The Objectivity Illusion of Ranking Procedures: How and Why Ranking Alleviates Decision Difficulty


The degree to which consumers experience decision difficulty is an important and fundamental aspect of the decision-making process. Indeed, as the subjective experience of difficulty impacts variety of different behaviors, understanding what factors increase or decrease it, is important from both theoretical and applied perspectives. The current work focuses on how two prominent preference-elicitation modes (choice and rank-ordering) impact consumers’ decision difficulty. Although one would expect a rank-ordering procedure (vs. choice), to elicit greater difficulty, we consistently find the opposite. Ranking options increases perceived decision objectivity and, consequently, reduces decision difficulty.

When comparing a choice task to a ranking task, it is quite intuitive to expect that a ranking task will elicit greater difficulty (supported by a pilot study (N=100) where 76% of people believed that choosing would be easier for them than rank-ordering). That is, while choosing includes the selection of one option that offers the greatest utility, rank-ordering includes the same selection (i.e. ranked first), as well as the ordering of all the other options in the set. Thus, the operations required to make a choice are embedded in those required to complete the ranking procedure. However, in the current research we repeatedly find that consumers’ experienced difficulty is actually lower when asked to rank as opposed to choose among the options. That is, even though the outcome of the ranking procedure is identical to that of the choice (i.e., consumers are fully aware that the option they rank first is the one they will eventually receive), framing the process as ranking as opposed to choosing decreases the difficulty that consumers experience.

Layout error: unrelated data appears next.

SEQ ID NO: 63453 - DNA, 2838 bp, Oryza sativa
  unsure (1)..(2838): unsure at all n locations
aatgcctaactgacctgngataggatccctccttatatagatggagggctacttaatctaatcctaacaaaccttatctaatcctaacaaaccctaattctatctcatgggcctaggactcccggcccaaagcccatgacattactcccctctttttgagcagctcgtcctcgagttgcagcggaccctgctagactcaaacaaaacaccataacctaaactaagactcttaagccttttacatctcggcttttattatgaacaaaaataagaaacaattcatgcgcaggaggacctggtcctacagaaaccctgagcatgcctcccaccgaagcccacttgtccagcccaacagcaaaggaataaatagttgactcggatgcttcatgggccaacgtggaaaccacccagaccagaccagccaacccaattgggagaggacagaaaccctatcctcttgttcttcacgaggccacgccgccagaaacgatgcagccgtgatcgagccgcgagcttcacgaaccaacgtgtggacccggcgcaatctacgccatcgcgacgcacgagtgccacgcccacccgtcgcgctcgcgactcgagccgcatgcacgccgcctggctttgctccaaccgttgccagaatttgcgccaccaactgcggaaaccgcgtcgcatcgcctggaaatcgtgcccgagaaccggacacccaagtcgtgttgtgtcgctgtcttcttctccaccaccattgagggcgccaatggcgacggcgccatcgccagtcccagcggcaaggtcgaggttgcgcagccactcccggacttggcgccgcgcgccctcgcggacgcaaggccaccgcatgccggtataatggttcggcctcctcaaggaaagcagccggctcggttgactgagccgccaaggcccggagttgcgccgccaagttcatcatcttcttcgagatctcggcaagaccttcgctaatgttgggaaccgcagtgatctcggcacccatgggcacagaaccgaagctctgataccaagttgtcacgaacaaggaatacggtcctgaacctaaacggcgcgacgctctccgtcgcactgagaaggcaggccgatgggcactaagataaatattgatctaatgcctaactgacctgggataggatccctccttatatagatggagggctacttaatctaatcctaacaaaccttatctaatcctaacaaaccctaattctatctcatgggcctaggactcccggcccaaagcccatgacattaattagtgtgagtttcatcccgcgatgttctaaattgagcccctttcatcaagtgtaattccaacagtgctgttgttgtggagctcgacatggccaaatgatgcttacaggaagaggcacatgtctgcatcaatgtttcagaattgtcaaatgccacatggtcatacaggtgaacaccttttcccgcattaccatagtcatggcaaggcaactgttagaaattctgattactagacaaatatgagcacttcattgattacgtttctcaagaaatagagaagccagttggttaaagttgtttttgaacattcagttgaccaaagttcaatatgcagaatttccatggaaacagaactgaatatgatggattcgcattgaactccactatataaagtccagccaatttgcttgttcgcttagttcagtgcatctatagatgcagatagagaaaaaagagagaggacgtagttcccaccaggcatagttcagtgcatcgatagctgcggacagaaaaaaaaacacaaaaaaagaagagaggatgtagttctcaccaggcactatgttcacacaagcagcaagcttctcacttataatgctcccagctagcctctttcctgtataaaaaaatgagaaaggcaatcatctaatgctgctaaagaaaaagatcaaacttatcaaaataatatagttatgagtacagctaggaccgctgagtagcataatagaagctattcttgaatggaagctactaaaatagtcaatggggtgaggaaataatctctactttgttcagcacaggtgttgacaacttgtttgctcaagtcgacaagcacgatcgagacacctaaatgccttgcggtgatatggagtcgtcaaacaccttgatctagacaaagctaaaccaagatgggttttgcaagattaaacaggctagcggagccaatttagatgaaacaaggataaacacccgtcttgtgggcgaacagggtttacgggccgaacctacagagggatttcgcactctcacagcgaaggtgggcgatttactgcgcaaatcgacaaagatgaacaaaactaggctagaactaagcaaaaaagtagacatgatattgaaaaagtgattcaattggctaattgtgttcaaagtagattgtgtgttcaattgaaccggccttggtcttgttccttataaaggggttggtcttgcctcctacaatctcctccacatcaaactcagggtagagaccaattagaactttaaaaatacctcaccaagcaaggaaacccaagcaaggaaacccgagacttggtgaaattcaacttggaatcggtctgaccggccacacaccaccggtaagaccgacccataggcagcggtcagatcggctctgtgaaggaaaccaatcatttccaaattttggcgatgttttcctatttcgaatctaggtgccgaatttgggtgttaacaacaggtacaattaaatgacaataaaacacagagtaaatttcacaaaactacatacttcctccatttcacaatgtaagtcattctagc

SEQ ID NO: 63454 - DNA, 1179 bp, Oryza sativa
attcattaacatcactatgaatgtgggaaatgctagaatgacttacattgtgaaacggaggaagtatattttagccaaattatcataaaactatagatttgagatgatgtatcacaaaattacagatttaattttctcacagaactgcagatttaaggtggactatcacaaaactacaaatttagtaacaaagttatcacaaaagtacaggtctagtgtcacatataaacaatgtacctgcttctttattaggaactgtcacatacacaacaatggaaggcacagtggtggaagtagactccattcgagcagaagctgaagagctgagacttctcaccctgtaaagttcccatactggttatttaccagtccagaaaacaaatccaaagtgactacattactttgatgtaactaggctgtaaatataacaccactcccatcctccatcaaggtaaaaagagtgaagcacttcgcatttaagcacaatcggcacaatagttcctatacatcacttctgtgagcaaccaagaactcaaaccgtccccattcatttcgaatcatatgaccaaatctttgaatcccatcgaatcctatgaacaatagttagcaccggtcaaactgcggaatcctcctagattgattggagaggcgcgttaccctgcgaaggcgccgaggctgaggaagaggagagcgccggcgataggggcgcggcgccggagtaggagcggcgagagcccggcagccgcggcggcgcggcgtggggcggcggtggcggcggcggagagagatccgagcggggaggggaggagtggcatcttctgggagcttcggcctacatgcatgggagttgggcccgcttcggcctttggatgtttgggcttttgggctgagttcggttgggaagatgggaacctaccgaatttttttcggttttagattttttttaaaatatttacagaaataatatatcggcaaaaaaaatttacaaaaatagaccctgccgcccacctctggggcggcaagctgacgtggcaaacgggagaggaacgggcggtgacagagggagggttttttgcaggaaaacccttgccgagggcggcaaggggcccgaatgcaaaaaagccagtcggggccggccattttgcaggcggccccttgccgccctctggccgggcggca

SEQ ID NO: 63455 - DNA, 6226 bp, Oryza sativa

Following recent research on consumer’s perceived objectivity vs. subjectivity in judgement we find that ranking compared to choosing increases perceptions of objectivity in judgment and, therefore, reduces the associated decision difficulty. That is, while choosing highlights subjective evaluation criteria (i.e., a matter of taste), ranking procedures (albeit take longer and require greater cognitive operations) reduce consumers’ experienced decision difficulty as it fosters greater perceived objectivity of the selection process.